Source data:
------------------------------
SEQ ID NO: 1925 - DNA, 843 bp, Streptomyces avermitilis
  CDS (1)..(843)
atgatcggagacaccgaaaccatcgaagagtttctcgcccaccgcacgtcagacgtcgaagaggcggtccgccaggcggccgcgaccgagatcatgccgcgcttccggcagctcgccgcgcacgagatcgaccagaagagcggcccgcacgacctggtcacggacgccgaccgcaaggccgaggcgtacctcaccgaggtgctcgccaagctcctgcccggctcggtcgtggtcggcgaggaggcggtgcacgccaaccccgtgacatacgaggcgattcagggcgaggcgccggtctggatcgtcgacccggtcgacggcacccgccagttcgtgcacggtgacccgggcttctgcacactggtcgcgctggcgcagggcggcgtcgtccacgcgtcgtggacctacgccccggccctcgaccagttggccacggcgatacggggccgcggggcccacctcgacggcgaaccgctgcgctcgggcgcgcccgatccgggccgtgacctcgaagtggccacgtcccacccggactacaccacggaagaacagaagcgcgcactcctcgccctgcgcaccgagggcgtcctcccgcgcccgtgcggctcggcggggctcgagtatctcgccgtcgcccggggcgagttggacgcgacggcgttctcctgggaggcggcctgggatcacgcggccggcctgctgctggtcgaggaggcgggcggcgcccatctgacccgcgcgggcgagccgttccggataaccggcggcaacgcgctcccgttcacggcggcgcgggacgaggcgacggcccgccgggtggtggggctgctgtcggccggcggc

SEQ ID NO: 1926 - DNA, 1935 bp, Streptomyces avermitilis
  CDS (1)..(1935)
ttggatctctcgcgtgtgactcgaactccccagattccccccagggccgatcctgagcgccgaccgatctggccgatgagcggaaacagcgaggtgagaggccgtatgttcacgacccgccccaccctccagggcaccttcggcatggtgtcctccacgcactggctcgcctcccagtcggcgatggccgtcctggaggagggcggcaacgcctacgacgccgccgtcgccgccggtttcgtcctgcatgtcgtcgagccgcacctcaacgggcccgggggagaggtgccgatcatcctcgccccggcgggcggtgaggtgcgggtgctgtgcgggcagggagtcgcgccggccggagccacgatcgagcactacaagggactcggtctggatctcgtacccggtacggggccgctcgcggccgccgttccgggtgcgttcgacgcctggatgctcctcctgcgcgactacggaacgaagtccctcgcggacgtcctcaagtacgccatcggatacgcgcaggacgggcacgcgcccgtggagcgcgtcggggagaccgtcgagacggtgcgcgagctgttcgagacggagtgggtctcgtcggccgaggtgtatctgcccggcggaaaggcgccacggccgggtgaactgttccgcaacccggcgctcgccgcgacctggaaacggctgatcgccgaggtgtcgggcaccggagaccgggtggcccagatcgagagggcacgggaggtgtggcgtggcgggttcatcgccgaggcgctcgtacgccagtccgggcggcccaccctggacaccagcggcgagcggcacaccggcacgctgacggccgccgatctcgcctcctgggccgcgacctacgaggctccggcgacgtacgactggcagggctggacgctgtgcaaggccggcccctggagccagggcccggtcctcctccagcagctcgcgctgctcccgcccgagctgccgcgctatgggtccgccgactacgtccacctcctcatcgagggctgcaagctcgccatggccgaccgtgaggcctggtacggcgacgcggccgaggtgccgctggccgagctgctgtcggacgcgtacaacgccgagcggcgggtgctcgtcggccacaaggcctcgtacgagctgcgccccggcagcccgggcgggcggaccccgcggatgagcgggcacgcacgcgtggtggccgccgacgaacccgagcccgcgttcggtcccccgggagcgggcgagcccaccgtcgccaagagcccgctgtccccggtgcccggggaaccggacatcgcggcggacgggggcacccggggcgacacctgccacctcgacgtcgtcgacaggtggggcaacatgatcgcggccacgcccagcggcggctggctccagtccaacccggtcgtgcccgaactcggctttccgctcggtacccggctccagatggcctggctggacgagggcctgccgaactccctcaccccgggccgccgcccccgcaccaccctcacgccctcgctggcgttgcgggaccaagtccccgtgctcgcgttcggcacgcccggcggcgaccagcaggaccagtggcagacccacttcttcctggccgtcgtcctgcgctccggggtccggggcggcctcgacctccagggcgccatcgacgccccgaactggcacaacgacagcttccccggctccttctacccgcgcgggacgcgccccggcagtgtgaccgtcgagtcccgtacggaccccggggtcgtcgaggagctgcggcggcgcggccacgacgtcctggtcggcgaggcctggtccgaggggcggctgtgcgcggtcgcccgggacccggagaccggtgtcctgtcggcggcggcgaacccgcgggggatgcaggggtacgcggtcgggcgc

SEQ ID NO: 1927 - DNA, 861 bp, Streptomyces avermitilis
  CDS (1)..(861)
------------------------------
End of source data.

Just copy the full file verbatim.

SEQ ID NO: 1925 - DNA, 843 bp, Streptomyces avermitilis
  CDS (1)..(843)
atgatcggagacaccgaaaccatcgaagagtttctcgcccaccgcacgtcagacgtcgaagaggcggtccgccaggcggccgcgaccgagatcatgccgcgcttccggcagctcgccgcgcacgagatcgaccagaagagcggcccgcacgacctggtcacggacgccgaccgcaaggccgaggcgtacctcaccgaggtgctcgccaagctcctgcccggctcggtcgtggtcggcgaggaggcggtgcacgccaaccccgtgacatacgaggcgattcagggcgaggcgccggtctggatcgtcgacccggtcgacggcacccgccagttcgtgcacggtgacccgggcttctgcacactggtcgcgctggcgcagggcggcgtcgtccacgcgtcgtggacctacgccccggccctcgaccagttggccacggcgatacggggccgcggggcccacctcgacggcgaaccgctgcgctcgggcgcgcccgatccgggccgtgacctcgaagtggccacgtcccacccggactacaccacggaagaacagaagcgcgcactcctcgccctgcgcaccgagggcgtcctcccgcgcccgtgcggctcggcggggctcgagtatctcgccgtcgcccggggcgagttggacgcgacggcgttctcctgggaggcggcctgggatcacgcggccggcctgctgctggtcgaggaggcgggcggcgcccatctgacccgcgcgggcgagccgttccggataaccggcggcaacgcgctcccgttcacggcggcgcgggacgaggcgacggcccgccgggtggtggggctgctgtcggccggcggc

SEQ ID NO: 1926 - DNA, 1935 bp, Streptomyces avermitilis
  CDS (1)..(1935)
ttggatctctcgcgtgtgactcgaactccccagattccccccagggccgatcctgagcgccgaccgatctggccgatgagcggaaacagcgaggtgagaggccgtatgttcacgacccgccccaccctccagggcaccttcggcatggtgtcctccacgcactggctcgcctcccagtcggcgatggccgtcctggaggagggcggcaacgcctacgacgccgccgtcgccgccggtttcgtcctgcatgtcgtcgagccgcacctcaacgggcccgggggagaggtgccgatcatcctcgccccggcgggcggtgaggtgcgggtgctgtgcgggcagggagtcgcgccggccggagccacgatcgagcactacaagggactcggtctggatctcgtacccggtacggggccgctcgcggccgccgttccgggtgcgttcgacgcctggatgctcctcctgcgcgactacggaacgaagtccctcgcggacgtcctcaagtacgccatcggatacgcgcaggacgggcacgcgcccgtggagcgcgtcggggagaccgtcgagacggtgcgcgagctgttcgagacggagtgggtctcgtcggccgaggtgtatctgcccggcggaaaggcgccacggccgggtgaactgttccgcaacccggcgctcgccgcgacctggaaacggctgatcgccgaggtgtcgggcaccggagaccgggtggcccagatcgagagggcacgggaggtgtggcgtggcgggttcatcgccgaggcgctcgtacgccagtccgggcggcccaccctggacaccagcggcgagcggcacaccggcacgctgacggccgccgatctcgcctcctgggccgcgacctacgaggctccggcgacgtacgactggcagggctggacgctgtgcaaggccggcccctggagccagggcccggtcctcctccagcagctcgcgctgctcccgcccgagctgccgcgctatgggtccgccgactacgtccacctcctcatcgagggctgcaagctcgccatggccgaccgtgaggcctggtacggcgacgcggccgaggtgccgctggccgagctgctgtcggacgcgtacaacgccgagcggcgggtgctcgtcggccacaaggcctcgtacgagctgcgccccggcagcccgggcgggcggaccccgcggatgagcgggcacgcacgcgtggtggccgccgacgaacccgagcccgcgttcggtcccccgggagcgggcgagcccaccgtcgccaagagcccgctgtccccggtgcccggggaaccggacatcgcggcggacgggggcacccggggcgacacctgccacctcgacgtcgtcgacaggtggggcaacatgatcgcggccacgcccagcggcggctggctccagtccaacccggtcgtgcccgaactcggctttccgctcggtacccggctccagatggcctggctggacgagggcctgccgaactccctcaccccgggccgccgcccccgcaccaccctcacgccctcgctggcgttgcgggaccaagtccccgtgctcgcgttcggcacgcccggcggcgaccagcaggaccagtggcagacccacttcttcctggccgtcgtcctgcgctccggggtccggggcggcctcgacctccagggcgccatcgacgccccgaactggcacaacgacagcttccccggctccttctacccgcgcgggacgcgccccggcagtgtgaccgtcgagtcccgtacggaccccggggtcgtcgaggagctgcggcggcgcggccacgacgtcctggtcggcgaggcctggtccgaggggcggctgtgcgcggtcgcccgggacccggagaccggtgtcctgtcggcggcggcgaacccgcgggggatgcaggggtacgcggtcgggcgc

SEQ ID NO: 1927 - DNA, 861 bp, Streptomyces avermitilis
  CDS (1)..(861)